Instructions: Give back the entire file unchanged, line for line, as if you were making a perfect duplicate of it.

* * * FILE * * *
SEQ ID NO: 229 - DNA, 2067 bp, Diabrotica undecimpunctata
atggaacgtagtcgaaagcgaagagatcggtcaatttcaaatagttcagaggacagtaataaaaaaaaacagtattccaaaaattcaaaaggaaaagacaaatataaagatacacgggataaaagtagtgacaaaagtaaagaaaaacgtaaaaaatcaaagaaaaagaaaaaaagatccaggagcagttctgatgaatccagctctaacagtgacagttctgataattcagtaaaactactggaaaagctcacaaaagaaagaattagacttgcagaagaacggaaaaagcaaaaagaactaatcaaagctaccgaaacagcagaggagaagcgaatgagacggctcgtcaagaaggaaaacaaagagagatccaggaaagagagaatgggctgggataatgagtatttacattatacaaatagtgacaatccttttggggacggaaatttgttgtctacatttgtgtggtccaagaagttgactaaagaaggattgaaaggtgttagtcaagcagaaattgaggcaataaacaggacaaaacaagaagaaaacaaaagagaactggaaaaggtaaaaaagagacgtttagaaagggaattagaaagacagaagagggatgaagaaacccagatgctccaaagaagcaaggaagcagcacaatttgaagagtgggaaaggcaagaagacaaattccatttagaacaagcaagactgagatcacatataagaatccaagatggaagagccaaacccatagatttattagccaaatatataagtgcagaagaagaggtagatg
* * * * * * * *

SEQ ID NO: 229 - DNA, 2067 bp, Diabrotica undecimpunctata
atggaacgtagtcgaaagcgaagagatcggtcaatttcaaatagttcagaggacagtaataaaaaaaaacagtattccaaaaattcaaaaggaaaagacaaatataaagatacacgggataaaagtagtgacaaaagtaaagaaaaacgtaaaaaatcaaagaaaaagaaaaaaagatccaggagcagttctgatgaatccagctctaacagtgacagttctgataattcagtaaaactactggaaaagctcacaaaagaaagaattagacttgcagaagaacggaaaaagcaaaaagaactaatcaaagctaccgaaacagcagaggagaagcgaatgagacggctcgtcaagaaggaaaacaaagagagatccaggaaagagagaatgggctgggataatgagtatttacattatacaaatagtgacaatccttttggggacggaaatttgttgtctacatttgtgtggtccaagaagttgactaaagaaggattgaaaggtgttagtcaagcagaaattgaggcaataaacaggacaaaacaagaagaaaacaaaagagaactggaaaaggtaaaaaagagacgtttagaaagggaattagaaagacagaagagggatgaagaaacccagatgctccaaagaagcaaggaagcagcacaatttgaagagtgggaaaggcaagaagacaaattccatttagaacaagcaagactgagatcacatataagaatccaagatggaagagccaaacccatagatttattagccaaatatataagtgcagaagaagaggtagatg